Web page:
Since their inception, lasers have come to be seen as weapons with the potential to revolutionize combat. Since the middle of the 20th century, lasers have become an integral part of science fiction films, weapons of super soldiers and interstellar ships.
However, as is often the case in practice, the development of high-power lasers encountered great technical difficulties, which have led to the fact that until now the main niche of military lasers has become their use in reconnaissance, aiming and target designation systems. Nevertheless, work on the creation of combat lasers in the leading countries of the world practically did not stop, programs for the creation of new generations of laser weapons replaced one another.
Earlier, we examined some of the stages in the development of lasers and the creation of laser weapons, as well as the stages of development and the current situation in the creation of laser weapons for the air force, laser weapons for ground forces and air defense, laser weapons for the navy. At the moment, the intensity of programs for the creation of laser weapons in different countries is so high that there is no longer any doubt that they will soon appear on the battlefield. And it will not be as easy to protect yourself from laser weapons as some people think, at least it will definitely not be possible to do with silver.
If you look closely at the development of laser weapons in foreign countries, you will notice that most of the proposed modern laser systems are implemented on the basis of fiber and solid-state lasers. Moreover, for the most part, these laser systems are designed to solve tactical problems. Their output power currently ranges from 10 kW to 100 kW, but in the future it can be increased to 300-500 kW. In Russia, there is practically no information about the work on the creation of tactical-class combat lasers, we will talk about the reasons why this happens below.
On March 1, 2018, Russian President Vladimir Putin, in the course of his message to the Federal Assembly, along with a number of other breakthrough weapon systems, announced the Peresvet laser combat complex (BLK), the size and intended purpose of which imply its use for solving strategic tasks.
The Peresvet complex is surrounded by a veil of secrecy. The characteristics of other newest types of weapons (the Dagger, Avangard, Zircon, Poseidon complexes) were voiced to one degree or another, which partly makes it possible to judge their purpose and effectiveness. At the same time, no specific information on the Peresvet laser complex was provided: neither the type of the installed laser, nor the energy source for it. Accordingly, there is no information about the capacity of the complex, which, in turn, does not allow us to understand its real capabilities and the goals and objectives set for it.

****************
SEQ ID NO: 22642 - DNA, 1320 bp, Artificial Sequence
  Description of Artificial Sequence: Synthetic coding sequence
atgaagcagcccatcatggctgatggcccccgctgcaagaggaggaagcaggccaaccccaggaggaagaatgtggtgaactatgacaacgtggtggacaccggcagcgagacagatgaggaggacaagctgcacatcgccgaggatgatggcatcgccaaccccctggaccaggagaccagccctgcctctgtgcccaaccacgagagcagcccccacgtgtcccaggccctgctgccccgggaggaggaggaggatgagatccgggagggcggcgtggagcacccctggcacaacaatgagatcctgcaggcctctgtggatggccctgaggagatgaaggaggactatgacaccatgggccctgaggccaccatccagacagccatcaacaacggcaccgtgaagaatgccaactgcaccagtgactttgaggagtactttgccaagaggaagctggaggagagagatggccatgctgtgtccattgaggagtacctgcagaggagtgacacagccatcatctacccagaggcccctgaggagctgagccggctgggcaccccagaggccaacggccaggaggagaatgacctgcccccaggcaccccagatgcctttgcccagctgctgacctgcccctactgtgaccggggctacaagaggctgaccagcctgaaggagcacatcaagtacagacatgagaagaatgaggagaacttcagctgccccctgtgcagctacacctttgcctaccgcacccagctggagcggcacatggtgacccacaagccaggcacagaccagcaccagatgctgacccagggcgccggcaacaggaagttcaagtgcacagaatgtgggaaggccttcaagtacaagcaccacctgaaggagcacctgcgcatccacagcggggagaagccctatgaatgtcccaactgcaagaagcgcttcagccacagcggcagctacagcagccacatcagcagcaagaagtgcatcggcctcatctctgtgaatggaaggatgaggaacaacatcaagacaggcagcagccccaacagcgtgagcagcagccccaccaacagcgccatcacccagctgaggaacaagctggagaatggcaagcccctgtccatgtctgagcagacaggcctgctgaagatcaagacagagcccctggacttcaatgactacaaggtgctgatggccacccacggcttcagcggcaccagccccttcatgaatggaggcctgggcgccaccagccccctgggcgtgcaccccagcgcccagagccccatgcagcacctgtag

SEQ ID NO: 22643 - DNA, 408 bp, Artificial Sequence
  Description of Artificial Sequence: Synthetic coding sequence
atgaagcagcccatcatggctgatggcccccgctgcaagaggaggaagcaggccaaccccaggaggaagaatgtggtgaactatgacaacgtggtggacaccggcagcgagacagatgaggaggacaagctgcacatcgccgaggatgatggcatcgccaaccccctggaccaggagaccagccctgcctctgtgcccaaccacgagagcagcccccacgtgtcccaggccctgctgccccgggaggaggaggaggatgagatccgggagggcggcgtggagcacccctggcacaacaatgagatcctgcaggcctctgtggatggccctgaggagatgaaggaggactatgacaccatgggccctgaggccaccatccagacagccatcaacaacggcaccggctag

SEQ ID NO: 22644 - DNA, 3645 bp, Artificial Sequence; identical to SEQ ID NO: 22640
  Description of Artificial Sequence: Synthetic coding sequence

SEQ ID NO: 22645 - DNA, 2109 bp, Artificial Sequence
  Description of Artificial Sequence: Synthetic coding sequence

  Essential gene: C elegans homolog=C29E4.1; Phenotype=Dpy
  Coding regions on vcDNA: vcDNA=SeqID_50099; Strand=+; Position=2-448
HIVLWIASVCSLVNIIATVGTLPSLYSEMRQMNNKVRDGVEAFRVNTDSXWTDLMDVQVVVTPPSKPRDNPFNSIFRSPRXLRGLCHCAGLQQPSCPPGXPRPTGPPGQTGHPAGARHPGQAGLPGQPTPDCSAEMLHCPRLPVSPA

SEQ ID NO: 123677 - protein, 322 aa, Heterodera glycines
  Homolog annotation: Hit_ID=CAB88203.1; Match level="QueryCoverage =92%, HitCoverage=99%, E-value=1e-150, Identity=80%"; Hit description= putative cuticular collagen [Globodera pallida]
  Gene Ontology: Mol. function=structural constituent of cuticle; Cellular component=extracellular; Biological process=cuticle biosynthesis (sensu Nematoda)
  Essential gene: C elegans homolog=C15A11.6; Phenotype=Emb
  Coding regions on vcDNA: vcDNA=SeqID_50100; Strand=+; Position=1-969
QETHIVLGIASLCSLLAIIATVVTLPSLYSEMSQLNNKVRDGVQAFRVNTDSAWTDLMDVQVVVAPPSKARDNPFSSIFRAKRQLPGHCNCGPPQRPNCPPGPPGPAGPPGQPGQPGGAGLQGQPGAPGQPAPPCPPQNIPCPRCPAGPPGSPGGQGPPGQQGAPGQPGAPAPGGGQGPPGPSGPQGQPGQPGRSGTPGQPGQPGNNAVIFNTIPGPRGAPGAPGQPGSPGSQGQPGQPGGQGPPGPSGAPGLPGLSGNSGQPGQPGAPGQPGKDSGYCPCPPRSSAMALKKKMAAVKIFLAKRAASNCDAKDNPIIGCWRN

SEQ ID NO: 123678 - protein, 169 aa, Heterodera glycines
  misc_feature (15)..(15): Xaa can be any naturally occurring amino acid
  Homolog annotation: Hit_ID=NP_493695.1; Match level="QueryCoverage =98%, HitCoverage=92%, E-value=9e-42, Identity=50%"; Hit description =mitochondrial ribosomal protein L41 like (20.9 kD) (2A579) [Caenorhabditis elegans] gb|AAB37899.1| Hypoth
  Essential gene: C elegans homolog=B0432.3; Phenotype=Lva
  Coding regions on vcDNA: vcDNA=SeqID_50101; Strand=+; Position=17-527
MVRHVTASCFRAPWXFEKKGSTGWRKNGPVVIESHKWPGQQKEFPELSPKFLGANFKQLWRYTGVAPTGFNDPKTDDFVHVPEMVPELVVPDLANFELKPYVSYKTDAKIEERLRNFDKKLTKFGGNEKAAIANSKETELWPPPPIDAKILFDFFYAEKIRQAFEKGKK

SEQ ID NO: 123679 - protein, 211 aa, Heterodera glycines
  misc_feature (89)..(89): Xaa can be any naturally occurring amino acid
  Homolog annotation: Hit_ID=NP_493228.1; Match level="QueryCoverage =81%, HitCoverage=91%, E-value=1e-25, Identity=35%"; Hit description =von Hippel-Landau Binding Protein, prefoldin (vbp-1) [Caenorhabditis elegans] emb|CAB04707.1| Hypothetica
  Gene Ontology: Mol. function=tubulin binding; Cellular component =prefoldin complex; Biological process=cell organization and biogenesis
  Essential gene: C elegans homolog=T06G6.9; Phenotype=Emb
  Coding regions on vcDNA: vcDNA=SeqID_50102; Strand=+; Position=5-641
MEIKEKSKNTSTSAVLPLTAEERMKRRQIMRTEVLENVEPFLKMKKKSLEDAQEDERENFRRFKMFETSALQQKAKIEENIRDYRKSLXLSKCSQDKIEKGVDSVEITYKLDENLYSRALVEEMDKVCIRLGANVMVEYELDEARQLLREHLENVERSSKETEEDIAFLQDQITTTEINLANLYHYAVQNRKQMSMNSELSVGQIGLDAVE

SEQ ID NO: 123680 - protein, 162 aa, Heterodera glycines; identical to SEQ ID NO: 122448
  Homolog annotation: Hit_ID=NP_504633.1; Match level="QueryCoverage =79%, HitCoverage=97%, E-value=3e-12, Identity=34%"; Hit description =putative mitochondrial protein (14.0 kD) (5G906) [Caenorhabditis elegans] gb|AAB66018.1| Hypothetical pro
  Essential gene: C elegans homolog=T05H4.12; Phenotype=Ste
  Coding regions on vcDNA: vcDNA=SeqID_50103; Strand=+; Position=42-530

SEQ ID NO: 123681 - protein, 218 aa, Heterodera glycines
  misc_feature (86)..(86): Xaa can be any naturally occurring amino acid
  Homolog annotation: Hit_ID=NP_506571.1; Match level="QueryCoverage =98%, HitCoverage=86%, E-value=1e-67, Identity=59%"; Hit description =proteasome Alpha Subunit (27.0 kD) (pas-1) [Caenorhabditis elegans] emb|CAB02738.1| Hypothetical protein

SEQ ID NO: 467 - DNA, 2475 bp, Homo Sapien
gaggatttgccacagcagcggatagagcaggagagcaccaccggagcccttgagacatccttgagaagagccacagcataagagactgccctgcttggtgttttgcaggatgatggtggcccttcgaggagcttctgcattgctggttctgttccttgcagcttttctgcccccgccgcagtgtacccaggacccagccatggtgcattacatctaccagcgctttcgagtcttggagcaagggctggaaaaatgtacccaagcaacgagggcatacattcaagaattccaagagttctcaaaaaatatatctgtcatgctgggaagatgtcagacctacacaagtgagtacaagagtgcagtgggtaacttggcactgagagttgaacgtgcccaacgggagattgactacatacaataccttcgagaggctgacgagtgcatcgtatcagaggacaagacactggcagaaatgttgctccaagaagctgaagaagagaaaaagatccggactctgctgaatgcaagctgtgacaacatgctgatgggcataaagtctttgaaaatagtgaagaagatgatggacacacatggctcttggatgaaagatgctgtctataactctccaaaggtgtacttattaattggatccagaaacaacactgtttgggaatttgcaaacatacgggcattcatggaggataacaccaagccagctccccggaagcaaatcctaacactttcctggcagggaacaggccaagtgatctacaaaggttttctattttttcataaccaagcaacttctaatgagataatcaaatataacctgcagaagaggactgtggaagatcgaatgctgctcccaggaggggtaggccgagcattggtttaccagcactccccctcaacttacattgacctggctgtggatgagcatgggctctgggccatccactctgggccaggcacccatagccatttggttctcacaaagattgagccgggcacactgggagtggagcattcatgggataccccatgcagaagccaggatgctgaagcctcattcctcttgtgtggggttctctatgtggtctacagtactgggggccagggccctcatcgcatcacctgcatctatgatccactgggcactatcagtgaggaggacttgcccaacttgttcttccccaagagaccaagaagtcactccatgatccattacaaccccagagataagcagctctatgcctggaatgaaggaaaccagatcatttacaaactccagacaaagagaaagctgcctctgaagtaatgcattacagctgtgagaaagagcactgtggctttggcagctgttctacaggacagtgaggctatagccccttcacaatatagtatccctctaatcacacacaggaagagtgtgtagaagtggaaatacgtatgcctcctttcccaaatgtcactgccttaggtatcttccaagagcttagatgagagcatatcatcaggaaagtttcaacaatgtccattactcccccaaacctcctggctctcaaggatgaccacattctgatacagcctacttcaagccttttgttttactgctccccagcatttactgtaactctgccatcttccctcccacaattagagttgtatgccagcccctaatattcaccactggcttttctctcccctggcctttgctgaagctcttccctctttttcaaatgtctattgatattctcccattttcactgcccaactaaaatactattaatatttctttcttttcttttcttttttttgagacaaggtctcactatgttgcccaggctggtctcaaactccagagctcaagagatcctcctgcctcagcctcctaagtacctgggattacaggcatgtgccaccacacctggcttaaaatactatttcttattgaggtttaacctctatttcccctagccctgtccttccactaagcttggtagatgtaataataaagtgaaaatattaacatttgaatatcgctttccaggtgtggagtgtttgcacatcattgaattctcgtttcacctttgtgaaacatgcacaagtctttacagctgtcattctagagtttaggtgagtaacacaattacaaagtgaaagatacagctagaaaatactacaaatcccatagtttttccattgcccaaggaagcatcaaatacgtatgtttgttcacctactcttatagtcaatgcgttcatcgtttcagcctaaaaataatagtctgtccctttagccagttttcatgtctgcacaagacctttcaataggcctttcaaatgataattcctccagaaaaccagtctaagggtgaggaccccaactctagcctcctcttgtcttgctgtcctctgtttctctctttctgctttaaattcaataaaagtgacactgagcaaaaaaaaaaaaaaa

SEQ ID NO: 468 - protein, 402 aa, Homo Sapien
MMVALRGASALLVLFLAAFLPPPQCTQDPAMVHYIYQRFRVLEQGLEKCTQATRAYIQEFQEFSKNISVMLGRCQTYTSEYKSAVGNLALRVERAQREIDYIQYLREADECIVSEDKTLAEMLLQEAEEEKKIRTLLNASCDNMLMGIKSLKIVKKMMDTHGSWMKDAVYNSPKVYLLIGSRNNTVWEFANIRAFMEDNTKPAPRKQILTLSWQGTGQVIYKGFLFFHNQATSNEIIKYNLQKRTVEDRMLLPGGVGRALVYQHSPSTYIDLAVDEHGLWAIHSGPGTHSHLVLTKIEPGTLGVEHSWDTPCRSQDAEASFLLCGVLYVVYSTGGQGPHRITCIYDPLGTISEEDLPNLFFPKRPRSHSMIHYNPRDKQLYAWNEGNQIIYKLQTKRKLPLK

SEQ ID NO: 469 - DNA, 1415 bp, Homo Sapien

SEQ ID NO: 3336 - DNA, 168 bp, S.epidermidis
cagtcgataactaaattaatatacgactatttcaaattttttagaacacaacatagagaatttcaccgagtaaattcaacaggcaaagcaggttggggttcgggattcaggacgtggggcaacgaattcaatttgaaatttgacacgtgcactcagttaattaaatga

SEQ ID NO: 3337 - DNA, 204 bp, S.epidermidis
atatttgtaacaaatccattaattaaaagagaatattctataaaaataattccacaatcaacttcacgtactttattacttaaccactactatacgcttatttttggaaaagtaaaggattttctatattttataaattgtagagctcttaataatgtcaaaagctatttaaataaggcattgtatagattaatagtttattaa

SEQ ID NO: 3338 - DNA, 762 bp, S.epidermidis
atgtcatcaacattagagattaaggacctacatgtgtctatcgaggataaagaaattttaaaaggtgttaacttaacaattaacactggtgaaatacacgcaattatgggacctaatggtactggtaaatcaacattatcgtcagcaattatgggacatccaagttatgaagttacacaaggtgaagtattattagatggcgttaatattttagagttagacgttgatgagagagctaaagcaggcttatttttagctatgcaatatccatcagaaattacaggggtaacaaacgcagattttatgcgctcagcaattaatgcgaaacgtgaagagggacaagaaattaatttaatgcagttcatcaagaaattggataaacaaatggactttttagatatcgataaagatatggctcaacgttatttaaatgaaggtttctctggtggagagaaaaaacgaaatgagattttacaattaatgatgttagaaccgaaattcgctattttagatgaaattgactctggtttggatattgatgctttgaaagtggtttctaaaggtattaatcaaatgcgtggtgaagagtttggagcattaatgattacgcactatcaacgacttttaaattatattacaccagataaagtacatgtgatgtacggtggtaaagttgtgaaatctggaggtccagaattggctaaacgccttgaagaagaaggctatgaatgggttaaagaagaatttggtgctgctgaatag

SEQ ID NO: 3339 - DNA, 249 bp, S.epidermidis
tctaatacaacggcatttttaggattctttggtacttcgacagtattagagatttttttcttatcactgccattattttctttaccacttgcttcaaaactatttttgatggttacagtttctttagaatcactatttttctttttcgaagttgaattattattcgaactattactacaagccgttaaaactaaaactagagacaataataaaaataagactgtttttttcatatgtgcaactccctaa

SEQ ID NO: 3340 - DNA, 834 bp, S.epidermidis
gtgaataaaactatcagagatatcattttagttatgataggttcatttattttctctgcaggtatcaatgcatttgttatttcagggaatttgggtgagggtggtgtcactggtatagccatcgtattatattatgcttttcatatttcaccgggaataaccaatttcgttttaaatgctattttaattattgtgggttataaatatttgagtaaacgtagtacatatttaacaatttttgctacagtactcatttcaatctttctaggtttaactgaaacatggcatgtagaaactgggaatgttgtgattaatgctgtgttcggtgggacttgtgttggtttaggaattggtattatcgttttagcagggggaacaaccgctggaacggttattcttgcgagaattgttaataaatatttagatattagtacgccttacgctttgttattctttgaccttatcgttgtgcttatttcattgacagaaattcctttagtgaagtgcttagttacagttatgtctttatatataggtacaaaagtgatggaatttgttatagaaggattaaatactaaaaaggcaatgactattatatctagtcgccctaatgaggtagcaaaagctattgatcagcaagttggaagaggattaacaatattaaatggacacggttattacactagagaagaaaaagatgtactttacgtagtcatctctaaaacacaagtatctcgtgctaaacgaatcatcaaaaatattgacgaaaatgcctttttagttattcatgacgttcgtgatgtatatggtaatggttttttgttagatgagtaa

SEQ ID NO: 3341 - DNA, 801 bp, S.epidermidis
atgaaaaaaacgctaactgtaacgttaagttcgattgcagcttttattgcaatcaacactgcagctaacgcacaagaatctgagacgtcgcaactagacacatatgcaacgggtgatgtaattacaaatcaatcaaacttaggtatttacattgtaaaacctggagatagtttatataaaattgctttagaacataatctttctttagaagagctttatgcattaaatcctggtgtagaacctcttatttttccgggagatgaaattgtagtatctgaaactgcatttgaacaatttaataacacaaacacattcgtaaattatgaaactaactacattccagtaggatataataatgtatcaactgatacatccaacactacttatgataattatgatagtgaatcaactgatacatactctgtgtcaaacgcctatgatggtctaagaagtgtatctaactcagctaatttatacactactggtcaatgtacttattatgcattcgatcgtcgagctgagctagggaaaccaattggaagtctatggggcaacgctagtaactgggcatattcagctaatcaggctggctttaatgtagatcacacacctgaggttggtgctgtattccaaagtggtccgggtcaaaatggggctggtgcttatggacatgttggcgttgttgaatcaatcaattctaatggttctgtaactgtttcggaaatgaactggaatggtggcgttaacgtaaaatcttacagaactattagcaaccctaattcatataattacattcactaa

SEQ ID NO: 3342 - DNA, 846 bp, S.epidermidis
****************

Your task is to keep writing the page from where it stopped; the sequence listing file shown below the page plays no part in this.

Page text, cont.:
Laser radiation can be obtained in dozens, perhaps even hundreds of ways. So what method of obtaining laser radiation is implemented in the newest Russian BLK "Peresvet"? To answer the question, we will consider various versions of the Peresvet BLK and assess the degree of probability of their implementation.
The information below is the author's assumptions based on information from open sources posted on the Internet
BLK "Peresvet". Execution number 1. Fiber, solid state and liquid lasers
As mentioned above, the main trend in the creation of laser weapons is the development of complexes based on fiber optic. Why is this happening? Because it is easy to scale the power of laser installations based on fiber lasers. Using a package of 5-10 kW modules, obtain 50-100 kW radiation at the output.
Can the Peresvet BLK be implemented on the basis of these technologies? It is highly probable that it is not. The main reason for this is that during the years of perestroika, the leading developer of fiber lasers, the IRE-Polyus Scientific and Technical Association, "fled" from Russia, on the basis of which the transnational corporation IPG Photonics Corporation was formed, registered in the USA and is now the world leader in the industry. high power fiber lasers. International business and the main place of registration of IPG Photonics Corporation implies its strict obedience to US legislation, which, given the current political situation, does not imply the transfer of critical technologies to Russia, which, of course, include technologies for creating high-power lasers.
Can fiber lasers be developed in Russia by other organizations? Perhaps, but unlikely, or while these are products of low power. Fiber lasers are a profitable commercial product; therefore, the absence of high-power domestic fiber lasers on the market most likely indicates their actual absence.